In a landmark verdict Italy’s Supreme Court ruled just before Christmas that “growing small amounts of cannabis domestically for the exclusive use of the grower” is no longer a criminal offense in the country.
The ruling followed an appeal by a man who was facing criminal charges for having two marijuana plants he’d grown at home.
Cultivation and sales of marijuana has been illegal under legislation dating back to the 90s but inconsistent court decisions since then have caused confusion around the law.
The latest of these came only a few weeks ago when Italy's parliament voted to legalize the production and sale at tobacconists and other specialist stores of a weaker form of cannabis dubbed “cannabis light”, only for the Italian Senate to block the legislation a few days later.
It may be that with this newest legislation involving growing small amounts of cannabis for personal use there is also further legal yo-yoing still to come, as the details of the Supreme Court’s ruling have not yet been disclosed and it could take weeks or months for a more official and detailed ruling to be released.
For example, the question of what constitutes a “small-scale cultivation” still remains. Is having three plants legal but four not?
It isn’t clear yet either whether the Supreme Court’s ruling distinguishes between cannabis plants that are referred to as hemp or as marijuana.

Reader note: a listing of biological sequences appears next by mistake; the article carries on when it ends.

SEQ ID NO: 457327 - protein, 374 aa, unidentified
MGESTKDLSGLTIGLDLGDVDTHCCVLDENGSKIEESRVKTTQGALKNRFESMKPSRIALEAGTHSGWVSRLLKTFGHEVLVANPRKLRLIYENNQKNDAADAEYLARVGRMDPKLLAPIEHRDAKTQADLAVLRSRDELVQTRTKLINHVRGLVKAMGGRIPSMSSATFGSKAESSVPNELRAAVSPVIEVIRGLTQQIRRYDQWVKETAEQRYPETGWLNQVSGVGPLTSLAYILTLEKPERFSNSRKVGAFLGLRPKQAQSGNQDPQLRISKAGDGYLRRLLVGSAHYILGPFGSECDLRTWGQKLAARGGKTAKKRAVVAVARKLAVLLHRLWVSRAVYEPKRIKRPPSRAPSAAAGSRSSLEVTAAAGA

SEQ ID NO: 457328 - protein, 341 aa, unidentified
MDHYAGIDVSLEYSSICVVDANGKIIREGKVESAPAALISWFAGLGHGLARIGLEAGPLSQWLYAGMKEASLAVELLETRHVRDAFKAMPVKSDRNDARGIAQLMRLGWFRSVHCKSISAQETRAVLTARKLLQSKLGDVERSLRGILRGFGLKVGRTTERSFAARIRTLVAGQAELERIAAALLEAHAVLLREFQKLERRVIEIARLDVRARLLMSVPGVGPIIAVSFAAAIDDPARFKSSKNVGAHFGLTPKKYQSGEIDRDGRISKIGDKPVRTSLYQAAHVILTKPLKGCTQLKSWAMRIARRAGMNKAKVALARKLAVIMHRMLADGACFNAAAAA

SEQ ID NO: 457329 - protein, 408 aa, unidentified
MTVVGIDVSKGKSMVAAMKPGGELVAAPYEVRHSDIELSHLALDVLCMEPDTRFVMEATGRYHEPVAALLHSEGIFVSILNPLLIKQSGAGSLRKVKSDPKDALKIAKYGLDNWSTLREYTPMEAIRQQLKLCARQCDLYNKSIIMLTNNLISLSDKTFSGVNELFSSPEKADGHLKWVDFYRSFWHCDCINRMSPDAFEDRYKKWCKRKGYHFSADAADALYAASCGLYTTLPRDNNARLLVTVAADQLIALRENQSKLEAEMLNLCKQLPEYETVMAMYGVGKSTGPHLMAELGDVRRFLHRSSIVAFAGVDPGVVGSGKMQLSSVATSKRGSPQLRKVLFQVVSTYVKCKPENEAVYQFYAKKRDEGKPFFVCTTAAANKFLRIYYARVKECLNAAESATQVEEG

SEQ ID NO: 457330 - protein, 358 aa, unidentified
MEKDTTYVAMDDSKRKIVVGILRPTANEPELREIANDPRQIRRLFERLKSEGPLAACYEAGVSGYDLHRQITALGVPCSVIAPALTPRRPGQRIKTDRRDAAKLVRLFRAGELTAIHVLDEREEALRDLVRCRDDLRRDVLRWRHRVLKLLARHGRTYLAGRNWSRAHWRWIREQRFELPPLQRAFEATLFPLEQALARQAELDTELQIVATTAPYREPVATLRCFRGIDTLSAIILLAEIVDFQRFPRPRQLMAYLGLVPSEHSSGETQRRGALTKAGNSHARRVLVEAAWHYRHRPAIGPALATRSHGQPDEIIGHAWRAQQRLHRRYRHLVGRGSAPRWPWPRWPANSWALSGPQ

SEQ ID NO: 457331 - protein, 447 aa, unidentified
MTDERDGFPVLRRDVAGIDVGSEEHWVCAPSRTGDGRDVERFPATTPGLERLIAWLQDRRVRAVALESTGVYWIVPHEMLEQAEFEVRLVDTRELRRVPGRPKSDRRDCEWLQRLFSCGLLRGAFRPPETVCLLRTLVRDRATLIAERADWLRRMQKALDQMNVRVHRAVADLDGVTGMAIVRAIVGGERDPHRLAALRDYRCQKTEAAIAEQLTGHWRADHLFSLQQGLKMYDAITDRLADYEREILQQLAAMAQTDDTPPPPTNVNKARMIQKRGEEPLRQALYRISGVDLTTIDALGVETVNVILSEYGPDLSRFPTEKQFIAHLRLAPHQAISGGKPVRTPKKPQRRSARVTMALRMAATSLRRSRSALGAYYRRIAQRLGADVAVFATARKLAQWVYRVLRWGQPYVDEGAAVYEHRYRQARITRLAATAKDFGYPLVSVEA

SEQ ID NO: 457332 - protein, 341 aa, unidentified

The first is most commonly associated with CBD oil and its many other uses whereas the latter is known for having more than 0.3 percent of the THC compound that can induce psychotropic and euphoric effects when smoked or ingested.
Aside from being a complex matter to fully understand, cannabis legislation is also a highly divisive issue in Italy's political sphere.
Matteo Salvini, leader of the far-right League Party and former Interior Minister recently said “drugs cause harm, forget about growing them or buying them in shops”.
For others such as Matteo Mantero, a senator from the co-ruling 5-Star Movement, “the cassation has opened the way, now it’s up to us”.
So whether it’s buying it, growing it or smoking it, the truth remains that no cannabis legislation is quite set in stone yet for the average Joe to safely (and more importantly legally) get involved with it.
As senator Maurizio Gasparri of Forza Italia put it, “the same court of cassation has recently issued quite different sentences, which cut off the trade in the so-called cannabis light. So we’ll first have to understand well what has been written in law”.